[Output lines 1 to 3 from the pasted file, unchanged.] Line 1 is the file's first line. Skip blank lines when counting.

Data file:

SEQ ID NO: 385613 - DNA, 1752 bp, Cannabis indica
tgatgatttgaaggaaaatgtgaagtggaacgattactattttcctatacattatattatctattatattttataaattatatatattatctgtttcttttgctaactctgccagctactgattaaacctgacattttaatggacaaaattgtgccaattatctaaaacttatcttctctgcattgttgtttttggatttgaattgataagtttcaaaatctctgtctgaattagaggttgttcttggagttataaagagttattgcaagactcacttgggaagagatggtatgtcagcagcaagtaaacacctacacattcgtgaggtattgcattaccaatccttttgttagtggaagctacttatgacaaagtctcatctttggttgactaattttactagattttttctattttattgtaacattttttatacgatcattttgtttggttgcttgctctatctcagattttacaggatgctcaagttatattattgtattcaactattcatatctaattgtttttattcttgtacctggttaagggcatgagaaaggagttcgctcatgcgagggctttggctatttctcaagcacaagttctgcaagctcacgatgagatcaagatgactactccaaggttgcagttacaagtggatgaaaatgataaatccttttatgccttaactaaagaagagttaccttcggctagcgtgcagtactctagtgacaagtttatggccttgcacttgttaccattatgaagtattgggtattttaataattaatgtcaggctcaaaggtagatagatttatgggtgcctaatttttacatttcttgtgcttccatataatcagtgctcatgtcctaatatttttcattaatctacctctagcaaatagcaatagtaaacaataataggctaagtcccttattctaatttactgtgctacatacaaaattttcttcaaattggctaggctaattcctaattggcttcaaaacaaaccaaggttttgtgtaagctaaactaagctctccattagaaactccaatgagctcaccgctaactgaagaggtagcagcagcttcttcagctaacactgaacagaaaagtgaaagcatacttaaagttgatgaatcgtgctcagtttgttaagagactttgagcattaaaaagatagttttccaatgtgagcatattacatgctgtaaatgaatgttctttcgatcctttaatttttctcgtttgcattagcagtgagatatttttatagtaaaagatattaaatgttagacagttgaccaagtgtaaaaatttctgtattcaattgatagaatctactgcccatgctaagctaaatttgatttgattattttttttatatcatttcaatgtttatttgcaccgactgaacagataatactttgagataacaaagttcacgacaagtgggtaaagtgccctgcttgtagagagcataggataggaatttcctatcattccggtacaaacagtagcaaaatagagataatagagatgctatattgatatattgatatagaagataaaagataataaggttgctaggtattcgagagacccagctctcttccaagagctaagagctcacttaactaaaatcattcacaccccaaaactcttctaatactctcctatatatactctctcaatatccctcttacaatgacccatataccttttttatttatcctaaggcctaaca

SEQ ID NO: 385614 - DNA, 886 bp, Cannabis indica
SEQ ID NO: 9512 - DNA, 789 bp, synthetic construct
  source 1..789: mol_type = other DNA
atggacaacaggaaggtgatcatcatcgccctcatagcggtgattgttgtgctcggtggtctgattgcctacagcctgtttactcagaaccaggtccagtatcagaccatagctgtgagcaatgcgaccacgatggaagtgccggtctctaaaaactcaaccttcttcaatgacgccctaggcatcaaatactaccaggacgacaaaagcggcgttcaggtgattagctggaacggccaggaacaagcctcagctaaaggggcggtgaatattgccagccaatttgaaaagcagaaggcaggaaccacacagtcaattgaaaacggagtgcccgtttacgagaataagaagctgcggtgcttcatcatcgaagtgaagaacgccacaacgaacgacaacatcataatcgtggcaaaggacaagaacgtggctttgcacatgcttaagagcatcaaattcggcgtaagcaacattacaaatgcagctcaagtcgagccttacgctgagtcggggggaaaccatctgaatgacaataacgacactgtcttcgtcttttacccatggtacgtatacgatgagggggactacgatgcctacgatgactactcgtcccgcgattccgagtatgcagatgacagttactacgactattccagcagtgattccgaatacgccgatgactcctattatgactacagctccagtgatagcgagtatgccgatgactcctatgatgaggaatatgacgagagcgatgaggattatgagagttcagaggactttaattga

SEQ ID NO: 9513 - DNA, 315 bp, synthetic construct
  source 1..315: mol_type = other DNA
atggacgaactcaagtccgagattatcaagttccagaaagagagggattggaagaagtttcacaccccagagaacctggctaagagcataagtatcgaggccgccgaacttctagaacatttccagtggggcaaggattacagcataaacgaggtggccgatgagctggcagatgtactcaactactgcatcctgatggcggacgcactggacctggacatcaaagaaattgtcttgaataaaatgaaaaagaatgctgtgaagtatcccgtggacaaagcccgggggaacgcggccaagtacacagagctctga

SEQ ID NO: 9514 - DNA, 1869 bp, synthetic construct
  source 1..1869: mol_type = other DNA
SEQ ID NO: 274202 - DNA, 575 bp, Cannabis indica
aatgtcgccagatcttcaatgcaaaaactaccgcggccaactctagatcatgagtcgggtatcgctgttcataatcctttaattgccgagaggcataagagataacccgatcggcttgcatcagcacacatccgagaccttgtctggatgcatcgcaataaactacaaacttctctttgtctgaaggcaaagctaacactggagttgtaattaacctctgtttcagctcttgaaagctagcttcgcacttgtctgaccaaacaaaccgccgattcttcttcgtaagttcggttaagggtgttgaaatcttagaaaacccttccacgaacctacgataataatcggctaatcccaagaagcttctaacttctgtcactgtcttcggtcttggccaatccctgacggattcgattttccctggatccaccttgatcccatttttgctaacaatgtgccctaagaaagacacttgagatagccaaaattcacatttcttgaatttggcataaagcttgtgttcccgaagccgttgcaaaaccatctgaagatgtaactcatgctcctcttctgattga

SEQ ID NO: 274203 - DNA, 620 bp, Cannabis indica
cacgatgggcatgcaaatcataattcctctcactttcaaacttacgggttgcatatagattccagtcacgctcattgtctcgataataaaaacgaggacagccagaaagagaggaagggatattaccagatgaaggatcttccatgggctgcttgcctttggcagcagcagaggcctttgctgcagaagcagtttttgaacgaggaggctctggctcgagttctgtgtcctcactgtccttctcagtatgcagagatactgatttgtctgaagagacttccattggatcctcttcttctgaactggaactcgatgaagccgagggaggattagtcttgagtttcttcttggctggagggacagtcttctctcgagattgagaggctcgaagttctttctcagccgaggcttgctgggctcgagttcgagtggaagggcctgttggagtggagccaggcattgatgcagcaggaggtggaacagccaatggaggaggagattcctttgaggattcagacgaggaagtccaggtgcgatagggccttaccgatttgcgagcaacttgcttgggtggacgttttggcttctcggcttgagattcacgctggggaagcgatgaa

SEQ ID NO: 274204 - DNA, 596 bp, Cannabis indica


SEQ ID NO: 385613 - DNA, 1752 bp, Cannabis indica
tgatgatttgaaggaaaatgtgaagtggaacgattactattttcctatacattatattatctattatattttataaattatatatattatctgtttcttttgctaactctgccagctactgattaaacctgacattttaatggacaaaattgtgccaattatctaaaacttatcttctctgcattgttgtttttggatttgaattgataagtttcaaaatctctgtctgaattagaggttgttcttggagttataaagagttattgcaagactcacttgggaagagatggtatgtcagcagcaagtaaacacctacacattcgtgaggtattgcattaccaatccttttgttagtggaagctacttatgacaaagtctcatctttggttgactaattttactagattttttctattttattgtaacattttttatacgatcattttgtttggttgcttgctctatctcagattttacaggatgctcaagttatattattgtattcaactattcatatctaattgtttttattcttgtacctggttaagggcatgagaaaggagttcgctcatgcgagggctttggctatttctcaagcacaagttctgcaagctcacgatgagatcaagatgactactccaaggttgcagttacaagtggatgaaaatgataaatccttttatgccttaactaaagaagagttaccttcggctagcgtgcagtactctagtgacaagtttatggccttgcacttgttaccattatgaagtattgggtattttaataattaatgtcaggctcaaaggtagatagatttatgggtgcctaatttttacatttcttgtgcttccatataatcagtgctcatgtcctaatatttttcattaatctacctctagcaaatagcaatagtaaacaataataggctaagtcccttattctaatttactgtgctacatacaaaattttcttcaaattggctaggctaattcctaattggcttcaaaacaaaccaaggttttgtgtaagctaaactaagctctccattagaaactccaatgagctcaccgctaactgaagaggtagcagcagcttcttcagctaacactgaacagaaaagtgaaagcatacttaaagttgatgaatcgtgctcagtttgttaagagactttgagcattaaaaagatagttttccaatgtgagcatattacatgctgtaaatgaatgttctttcgatcctttaatttttctcgtttgcattagcagtgagatatttttatagtaaaagatattaaatgttagacagttgaccaagtgtaaaaatttctgtattcaattgatagaatctactgcccatgctaagctaaatttgatttgattattttttttatatcatttcaatgtttatttgcaccgactgaacagataatactttgagataacaaagttcacgacaagtgggtaaagtgccctgcttgtagagagcataggataggaatttcctatcattccggtacaaacagtagcaaaatagagataatagagatgctatattgatatattgatatagaagataaaagataataaggttgctaggtattcgagagacccagctctcttccaagagctaagagctcacttaactaaaatcattcacaccccaaaactcttctaatactctcctatatatactctctcaatatccctcttacaatgacccatataccttttttatttatcctaaggcctaaca

SEQ ID NO: 385614 - DNA, 886 bp, Cannabis indica